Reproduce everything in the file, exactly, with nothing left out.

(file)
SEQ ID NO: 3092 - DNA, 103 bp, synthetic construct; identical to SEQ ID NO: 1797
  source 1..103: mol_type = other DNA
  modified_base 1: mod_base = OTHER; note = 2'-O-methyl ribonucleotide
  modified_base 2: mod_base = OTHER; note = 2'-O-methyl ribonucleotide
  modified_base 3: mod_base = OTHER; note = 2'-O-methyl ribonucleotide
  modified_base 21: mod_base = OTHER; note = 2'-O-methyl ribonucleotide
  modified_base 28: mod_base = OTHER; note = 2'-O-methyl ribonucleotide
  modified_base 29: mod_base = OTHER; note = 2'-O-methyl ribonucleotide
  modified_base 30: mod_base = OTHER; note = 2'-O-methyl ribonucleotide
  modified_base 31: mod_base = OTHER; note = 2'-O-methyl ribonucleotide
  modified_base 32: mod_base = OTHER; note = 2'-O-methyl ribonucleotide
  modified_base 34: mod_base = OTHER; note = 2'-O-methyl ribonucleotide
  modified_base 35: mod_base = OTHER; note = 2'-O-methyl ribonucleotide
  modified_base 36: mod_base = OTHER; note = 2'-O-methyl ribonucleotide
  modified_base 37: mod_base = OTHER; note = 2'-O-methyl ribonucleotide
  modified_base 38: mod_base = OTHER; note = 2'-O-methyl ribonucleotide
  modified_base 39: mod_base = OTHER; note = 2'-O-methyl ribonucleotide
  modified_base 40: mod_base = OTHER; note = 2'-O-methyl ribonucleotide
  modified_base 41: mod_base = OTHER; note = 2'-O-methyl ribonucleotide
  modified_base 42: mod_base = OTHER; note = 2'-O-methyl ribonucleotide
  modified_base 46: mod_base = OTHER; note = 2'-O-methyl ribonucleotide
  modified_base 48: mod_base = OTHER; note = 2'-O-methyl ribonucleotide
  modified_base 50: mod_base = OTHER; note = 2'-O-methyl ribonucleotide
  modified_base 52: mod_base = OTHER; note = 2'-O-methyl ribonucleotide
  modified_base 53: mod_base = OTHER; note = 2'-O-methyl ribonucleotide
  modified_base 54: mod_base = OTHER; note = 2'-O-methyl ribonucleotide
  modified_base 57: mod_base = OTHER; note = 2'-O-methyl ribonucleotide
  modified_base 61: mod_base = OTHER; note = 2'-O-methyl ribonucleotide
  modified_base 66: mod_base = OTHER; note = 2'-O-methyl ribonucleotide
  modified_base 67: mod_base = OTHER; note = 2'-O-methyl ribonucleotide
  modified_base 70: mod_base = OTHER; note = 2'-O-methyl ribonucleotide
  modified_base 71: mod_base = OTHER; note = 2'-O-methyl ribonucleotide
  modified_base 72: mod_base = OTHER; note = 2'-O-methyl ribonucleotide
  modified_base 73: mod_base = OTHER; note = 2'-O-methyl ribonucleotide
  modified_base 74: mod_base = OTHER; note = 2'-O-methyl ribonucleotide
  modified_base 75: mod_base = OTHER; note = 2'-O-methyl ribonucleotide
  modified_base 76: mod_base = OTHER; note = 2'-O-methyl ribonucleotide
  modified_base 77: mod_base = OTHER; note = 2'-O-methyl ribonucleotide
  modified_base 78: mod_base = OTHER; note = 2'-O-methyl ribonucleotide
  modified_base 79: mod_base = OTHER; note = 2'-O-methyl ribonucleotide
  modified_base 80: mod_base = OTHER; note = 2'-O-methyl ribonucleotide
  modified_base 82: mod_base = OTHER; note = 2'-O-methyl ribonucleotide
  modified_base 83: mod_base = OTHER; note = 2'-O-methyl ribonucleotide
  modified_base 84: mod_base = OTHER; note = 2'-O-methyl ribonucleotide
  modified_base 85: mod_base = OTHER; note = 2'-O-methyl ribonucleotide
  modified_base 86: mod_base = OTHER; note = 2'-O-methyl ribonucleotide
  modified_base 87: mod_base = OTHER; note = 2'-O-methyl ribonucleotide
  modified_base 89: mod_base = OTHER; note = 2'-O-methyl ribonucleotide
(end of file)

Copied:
SEQ ID NO: 3092 - DNA, 103 bp, synthetic construct; identical to SEQ ID NO: 1797
  source 1..103: mol_type = other DNA
  modified_base 1: mod_base = OTHER; note = 2'-O-methyl ribonucleotide
  modified_base 2: mod_base = OTHER; note = 2'-O-methyl ribonucleotide
  modified_base 3: mod_base = OTHER; note = 2'-O-methyl ribonucleotide
  modified_base 21: mod_base = OTHER; note = 2'-O-methyl ribonucleotide
  modified_base 28: mod_base = OTHER; note = 2'-O-methyl ribonucleotide
  modified_base 29: mod_base = OTHER; note = 2'-O-methyl ribonucleotide
  modified_base 30: mod_base = OTHER; note = 2'-O-methyl ribonucleotide
  modified_base 31: mod_base = OTHER; note = 2'-O-methyl ribonucleotide
  modified_base 32: mod_base = OTHER; note = 2'-O-methyl ribonucleotide
  modified_base 34: mod_base = OTHER; note = 2'-O-methyl ribonucleotide
  modified_base 35: mod_base = OTHER; note = 2'-O-methyl ribonucleotide
  modified_base 36: mod_base = OTHER; note = 2'-O-methyl ribonucleotide
  modified_base 37: mod_base = OTHER; note = 2'-O-methyl ribonucleotide
  modified_base 38: mod_base = OTHER; note = 2'-O-methyl ribonucleotide
  modified_base 39: mod_base = OTHER; note = 2'-O-methyl ribonucleotide
  modified_base 40: mod_base = OTHER; note = 2'-O-methyl ribonucleotide
  modified_base 41: mod_base = OTHER; note = 2'-O-methyl ribonucleotide
  modified_base 42: mod_base = OTHER; note = 2'-O-methyl ribonucleotide
  modified_base 46: mod_base = OTHER; note = 2'-O-methyl ribonucleotide
  modified_base 48: mod_base = OTHER; note = 2'-O-methyl ribonucleotide
  modified_base 50: mod_base = OTHER; note = 2'-O-methyl ribonucleotide
  modified_base 52: mod_base = OTHER; note = 2'-O-methyl ribonucleotide
  modified_base 53: mod_base = OTHER; note = 2'-O-methyl ribonucleotide
  modified_base 54: mod_base = OTHER; note = 2'-O-methyl ribonucleotide
  modified_base 57: mod_base = OTHER; note = 2'-O-methyl ribonucleotide
  modified_base 61: mod_base = OTHER; note = 2'-O-methyl ribonucleotide
  modified_base 66: mod_base = OTHER; note = 2'-O-methyl ribonucleotide
  modified_base 67: mod_base = OTHER; note = 2'-O-methyl ribonucleotide
  modified_base 70: mod_base = OTHER; note = 2'-O-methyl ribonucleotide
  modified_base 71: mod_base = OTHER; note = 2'-O-methyl ribonucleotide
  modified_base 72: mod_base = OTHER; note = 2'-O-methyl ribonucleotide
  modified_base 73: mod_base = OTHER; note = 2'-O-methyl ribonucleotide
  modified_base 74: mod_base = OTHER; note = 2'-O-methyl ribonucleotide
  modified_base 75: mod_base = OTHER; note = 2'-O-methyl ribonucleotide
  modified_base 76: mod_base = OTHER; note = 2'-O-methyl ribonucleotide
  modified_base 77: mod_base = OTHER; note = 2'-O-methyl ribonucleotide
  modified_base 78: mod_base = OTHER; note = 2'-O-methyl ribonucleotide
  modified_base 79: mod_base = OTHER; note = 2'-O-methyl ribonucleotide
  modified_base 80: mod_base = OTHER; note = 2'-O-methyl ribonucleotide
  modified_base 82: mod_base = OTHER; note = 2'-O-methyl ribonucleotide
  modified_base 83: mod_base = OTHER; note = 2'-O-methyl ribonucleotide
  modified_base 84: mod_base = OTHER; note = 2'-O-methyl ribonucleotide
  modified_base 85: mod_base = OTHER; note = 2'-O-methyl ribonucleotide
  modified_base 86: mod_base = OTHER; note = 2'-O-methyl ribonucleotide
  modified_base 87: mod_base = OTHER; note = 2'-O-methyl ribonucleotide
  modified_base 89: mod_base = OTHER; note = 2'-O-methyl ribonucleotide